Blood History

  • Jun 1, 1200

    Pulmonary circulation

    Pulmonary circulation
    Eminent Cairo discovers the pulmonary circulation which is the flow of blood to and from the lungs.

    Fabricius publishes his work ON THE VALVES IN VEINS, featuring the first drawings of vein valves.
  • Jan Swammerdam

    Jan Swammerdam
    Jan Swammerdam was thought to be the first person to observe and describe red blood cells.
  • Red blood cells

    Jan Swammerdam is the first person to observe and describe red blood cells.
  • capillary system

    capillary system
    Marcello Malpighi observed the capillary system, where the vessels connect the arteries and the veins.
  • First blood transfusion in animal

    Richard Lower performs the first blood transfusion in animals. With a crude syringe he connected the jugular vein of a dog he's bled to the neck artery of second dog, reviving the former.
  • Jean-Baptiste Denis

    Jean-Baptiste Denis
    Jean-Baptiste Denis transfuses a teenage boy suffering from a persistent fever with nine ounces of lamb's blood. He also did this to several other patients.
  • Banned all transfusions

    The French Parliament banned all transfusions involving humans. This happened because Dr. Denis sued Antoine Mauroy's widow in 1668 for making false statements about his reputation.
  • Fine grain of sand

    Fine grain of sand
    Anton van Leeuwenhoek describes red blood cells even more and says they are 25,000 times smaller than a fine grain of sand.
  • Unpublished human-to-human blood transfusion

    Philadelphia physician Philip Syng Physick performed the first human-to-human blood transfusion, although his work was not published.
  • James Blundell

    James Blundell
    James Blundell performed the first recorded human-to-human blood transfusion. His patient was injected with 12 to 14 ounces of blood from several donors because he was suffering from internal bleeding. The patient died after showing improvement.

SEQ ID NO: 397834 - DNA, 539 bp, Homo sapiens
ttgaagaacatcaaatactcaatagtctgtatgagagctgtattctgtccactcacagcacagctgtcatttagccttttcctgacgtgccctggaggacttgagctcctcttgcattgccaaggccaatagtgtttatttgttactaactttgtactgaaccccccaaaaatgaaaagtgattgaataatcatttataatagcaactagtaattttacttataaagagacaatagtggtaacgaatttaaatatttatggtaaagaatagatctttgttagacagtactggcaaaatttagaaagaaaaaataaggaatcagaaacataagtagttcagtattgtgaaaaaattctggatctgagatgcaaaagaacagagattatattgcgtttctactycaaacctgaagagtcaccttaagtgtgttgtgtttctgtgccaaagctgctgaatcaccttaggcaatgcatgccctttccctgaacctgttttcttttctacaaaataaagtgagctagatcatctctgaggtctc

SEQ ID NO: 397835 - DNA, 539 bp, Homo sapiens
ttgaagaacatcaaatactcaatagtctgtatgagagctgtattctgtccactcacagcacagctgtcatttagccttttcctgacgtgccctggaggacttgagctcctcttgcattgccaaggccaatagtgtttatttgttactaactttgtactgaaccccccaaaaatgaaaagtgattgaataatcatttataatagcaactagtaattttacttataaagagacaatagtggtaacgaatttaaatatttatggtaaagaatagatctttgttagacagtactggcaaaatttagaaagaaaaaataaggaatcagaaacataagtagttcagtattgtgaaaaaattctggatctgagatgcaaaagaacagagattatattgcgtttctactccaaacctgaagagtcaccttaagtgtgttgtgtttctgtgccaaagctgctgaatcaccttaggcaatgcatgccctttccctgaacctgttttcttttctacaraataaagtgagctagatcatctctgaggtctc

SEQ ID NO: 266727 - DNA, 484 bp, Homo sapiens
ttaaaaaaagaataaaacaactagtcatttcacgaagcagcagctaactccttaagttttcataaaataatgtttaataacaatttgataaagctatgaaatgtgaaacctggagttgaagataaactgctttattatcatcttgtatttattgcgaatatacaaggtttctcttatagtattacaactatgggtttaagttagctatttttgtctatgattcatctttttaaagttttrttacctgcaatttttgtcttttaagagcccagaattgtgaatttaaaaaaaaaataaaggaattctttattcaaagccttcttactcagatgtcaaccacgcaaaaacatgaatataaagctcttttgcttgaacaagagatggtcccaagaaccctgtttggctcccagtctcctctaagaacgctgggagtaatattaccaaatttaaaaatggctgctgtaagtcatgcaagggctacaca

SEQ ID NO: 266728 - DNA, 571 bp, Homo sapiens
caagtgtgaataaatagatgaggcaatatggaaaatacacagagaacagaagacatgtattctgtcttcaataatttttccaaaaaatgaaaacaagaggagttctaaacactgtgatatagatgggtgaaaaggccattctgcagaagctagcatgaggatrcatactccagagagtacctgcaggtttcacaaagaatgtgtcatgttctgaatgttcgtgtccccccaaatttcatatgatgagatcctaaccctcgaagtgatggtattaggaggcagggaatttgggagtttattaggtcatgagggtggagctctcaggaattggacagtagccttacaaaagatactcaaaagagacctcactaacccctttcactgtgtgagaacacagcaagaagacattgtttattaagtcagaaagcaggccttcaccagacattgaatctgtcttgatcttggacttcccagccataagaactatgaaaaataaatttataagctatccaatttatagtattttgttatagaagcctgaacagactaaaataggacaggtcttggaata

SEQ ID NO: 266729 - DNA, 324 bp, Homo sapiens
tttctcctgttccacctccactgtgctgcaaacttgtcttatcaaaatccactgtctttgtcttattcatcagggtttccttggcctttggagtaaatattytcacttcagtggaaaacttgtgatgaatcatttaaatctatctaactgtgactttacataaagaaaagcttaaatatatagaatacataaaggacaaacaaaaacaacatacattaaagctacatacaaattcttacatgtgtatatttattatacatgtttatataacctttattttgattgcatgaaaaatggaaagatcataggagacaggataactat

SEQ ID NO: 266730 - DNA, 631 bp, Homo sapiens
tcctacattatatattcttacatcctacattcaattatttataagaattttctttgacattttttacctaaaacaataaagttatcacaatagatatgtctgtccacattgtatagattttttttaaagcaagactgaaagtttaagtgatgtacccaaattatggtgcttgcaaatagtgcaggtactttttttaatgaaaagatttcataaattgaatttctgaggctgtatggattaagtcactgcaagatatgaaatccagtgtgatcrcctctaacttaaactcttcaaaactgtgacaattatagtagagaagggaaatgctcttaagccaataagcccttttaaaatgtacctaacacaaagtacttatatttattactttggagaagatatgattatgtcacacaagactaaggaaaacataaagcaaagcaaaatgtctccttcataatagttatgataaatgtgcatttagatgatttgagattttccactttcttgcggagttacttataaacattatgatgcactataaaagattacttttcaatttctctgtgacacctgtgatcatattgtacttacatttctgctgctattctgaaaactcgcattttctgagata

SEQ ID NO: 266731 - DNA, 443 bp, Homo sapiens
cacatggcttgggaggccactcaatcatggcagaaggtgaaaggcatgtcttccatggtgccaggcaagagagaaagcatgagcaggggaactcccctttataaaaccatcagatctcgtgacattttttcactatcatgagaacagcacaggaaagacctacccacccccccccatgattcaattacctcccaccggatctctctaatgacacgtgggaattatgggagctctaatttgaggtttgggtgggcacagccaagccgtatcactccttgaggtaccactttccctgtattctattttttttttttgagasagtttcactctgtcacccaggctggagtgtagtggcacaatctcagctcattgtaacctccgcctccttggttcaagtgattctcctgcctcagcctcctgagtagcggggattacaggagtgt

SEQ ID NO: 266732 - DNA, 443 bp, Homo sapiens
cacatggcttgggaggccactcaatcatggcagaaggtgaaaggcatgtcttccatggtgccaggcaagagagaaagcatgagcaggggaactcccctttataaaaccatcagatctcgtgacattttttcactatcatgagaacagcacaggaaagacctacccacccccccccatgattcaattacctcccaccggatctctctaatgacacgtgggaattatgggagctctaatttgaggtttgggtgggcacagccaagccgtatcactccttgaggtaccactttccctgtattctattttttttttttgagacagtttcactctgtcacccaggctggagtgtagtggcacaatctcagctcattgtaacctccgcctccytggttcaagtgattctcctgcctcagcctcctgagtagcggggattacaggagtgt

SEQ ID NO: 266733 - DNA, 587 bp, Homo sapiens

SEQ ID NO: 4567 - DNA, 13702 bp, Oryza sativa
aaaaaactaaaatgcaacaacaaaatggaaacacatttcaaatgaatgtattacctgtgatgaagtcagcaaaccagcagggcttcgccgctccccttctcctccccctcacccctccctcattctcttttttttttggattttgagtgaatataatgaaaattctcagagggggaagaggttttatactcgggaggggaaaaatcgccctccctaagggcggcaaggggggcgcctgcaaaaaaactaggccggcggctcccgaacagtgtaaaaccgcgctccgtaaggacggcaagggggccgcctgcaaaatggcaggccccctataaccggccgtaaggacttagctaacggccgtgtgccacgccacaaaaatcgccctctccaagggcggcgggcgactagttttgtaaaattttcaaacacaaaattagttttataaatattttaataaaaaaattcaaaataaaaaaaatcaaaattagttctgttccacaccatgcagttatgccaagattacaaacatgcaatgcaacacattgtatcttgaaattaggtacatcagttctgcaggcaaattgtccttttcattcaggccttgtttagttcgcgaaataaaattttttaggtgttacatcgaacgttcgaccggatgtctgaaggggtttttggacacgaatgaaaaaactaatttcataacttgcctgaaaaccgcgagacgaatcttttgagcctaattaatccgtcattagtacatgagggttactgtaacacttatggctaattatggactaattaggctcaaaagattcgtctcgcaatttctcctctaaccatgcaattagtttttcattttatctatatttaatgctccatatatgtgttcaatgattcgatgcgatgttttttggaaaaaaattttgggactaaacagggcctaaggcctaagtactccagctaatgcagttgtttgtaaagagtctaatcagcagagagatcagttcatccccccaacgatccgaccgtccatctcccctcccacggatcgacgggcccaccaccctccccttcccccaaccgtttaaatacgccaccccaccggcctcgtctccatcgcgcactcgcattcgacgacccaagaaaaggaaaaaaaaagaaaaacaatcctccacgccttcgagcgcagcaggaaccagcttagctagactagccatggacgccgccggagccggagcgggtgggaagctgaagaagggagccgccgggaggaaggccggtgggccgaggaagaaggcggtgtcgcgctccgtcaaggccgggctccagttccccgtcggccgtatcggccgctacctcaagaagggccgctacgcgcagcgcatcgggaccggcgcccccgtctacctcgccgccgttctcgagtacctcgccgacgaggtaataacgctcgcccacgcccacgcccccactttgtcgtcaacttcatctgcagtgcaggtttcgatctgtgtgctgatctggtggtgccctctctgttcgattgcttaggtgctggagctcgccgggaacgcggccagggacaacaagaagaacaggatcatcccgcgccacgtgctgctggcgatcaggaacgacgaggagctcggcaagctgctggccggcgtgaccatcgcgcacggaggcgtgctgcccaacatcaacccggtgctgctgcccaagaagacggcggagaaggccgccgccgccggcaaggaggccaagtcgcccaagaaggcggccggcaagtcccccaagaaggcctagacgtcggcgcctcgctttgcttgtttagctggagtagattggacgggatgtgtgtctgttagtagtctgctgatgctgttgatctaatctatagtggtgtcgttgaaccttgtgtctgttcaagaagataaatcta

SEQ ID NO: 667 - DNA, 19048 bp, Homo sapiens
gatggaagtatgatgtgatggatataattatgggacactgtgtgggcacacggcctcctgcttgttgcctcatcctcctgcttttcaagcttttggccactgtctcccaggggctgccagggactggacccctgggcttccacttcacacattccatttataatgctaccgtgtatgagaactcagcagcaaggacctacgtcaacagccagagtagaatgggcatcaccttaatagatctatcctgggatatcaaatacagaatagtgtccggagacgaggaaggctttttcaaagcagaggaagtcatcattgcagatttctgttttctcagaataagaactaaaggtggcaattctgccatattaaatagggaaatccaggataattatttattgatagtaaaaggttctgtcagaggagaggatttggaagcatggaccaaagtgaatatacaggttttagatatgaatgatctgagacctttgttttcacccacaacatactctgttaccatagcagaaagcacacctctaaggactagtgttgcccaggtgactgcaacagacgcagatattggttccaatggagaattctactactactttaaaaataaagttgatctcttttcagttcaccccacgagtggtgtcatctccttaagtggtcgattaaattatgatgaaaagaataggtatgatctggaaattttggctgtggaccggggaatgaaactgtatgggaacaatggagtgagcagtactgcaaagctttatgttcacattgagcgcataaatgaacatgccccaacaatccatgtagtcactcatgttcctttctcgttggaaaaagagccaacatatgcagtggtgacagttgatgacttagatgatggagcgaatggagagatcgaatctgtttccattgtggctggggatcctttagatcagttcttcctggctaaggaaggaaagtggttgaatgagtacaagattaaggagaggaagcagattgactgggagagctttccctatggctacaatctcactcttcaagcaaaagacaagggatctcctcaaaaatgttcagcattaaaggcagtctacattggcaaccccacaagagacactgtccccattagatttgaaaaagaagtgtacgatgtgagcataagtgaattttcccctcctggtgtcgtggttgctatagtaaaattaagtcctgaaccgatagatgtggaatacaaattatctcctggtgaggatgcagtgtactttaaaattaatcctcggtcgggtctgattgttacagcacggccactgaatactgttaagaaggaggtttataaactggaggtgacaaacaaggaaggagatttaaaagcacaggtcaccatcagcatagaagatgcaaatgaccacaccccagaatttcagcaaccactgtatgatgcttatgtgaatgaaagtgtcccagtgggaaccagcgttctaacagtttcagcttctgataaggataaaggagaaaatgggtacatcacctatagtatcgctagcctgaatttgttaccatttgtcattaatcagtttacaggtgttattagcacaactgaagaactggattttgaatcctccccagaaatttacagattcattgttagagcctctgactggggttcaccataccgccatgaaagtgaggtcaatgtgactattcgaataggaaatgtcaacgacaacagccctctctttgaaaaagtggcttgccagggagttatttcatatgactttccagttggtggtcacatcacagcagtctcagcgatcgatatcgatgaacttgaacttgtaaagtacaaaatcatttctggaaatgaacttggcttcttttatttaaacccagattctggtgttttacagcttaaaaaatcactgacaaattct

• Platelets

    Sir William Osler discovered our platelets. He observed that small cell fragments from the bone marrow make up the clots formed in blood vessels.
  • A, B, C/O

    A, B, C/O
    Karl Landsteiner discovered a regular pattern of reaction when he mixed the serum and red cells of an initial set of six blood specimens. Red cells agglutinate when serum from group A is mixed with the red cells of group B. Group "B" serum causes the red cells of group "A" to agglutinate, but the red of a third group, "C," never clump when mixed with group A and B. He named these three main human blood groups -- A, B, and C, which he later changes to O.
  • AB

    Alfred von Decastello and Adriano Sturli find a fourth blood group. AB, that causes agglutination in the red cells of both groups "A" and "B."
  • Cross matching

    Cross matching
    Dr. Reuben Ottenberg performs the first transfusion using cross matching. He uses this procedure in 128 cases, eliminating transfusion reactions.
  • Sodium citrate

    Albert Hustin of Brussels and Luis Agote of Buenos Aires discover that adding sodium citrate to blood will prevent it from clotting.
  • Dr. Richard Weil

    Dr. Richard Weil discovered that citrated blood can be refrigerated and stored for a few days and then successfully transfused.
  • Citrate-glucose solution

    Citrate-glucose solution
    Citrate-glucose solution was made to allow blood to be stored for a few weeks and still remain viable for transfusion. Francis Peyton Rous and J.R. Turner developed this at the Rockefeller Institute in New York.
  • Dr. Serge Yudin and the Soviets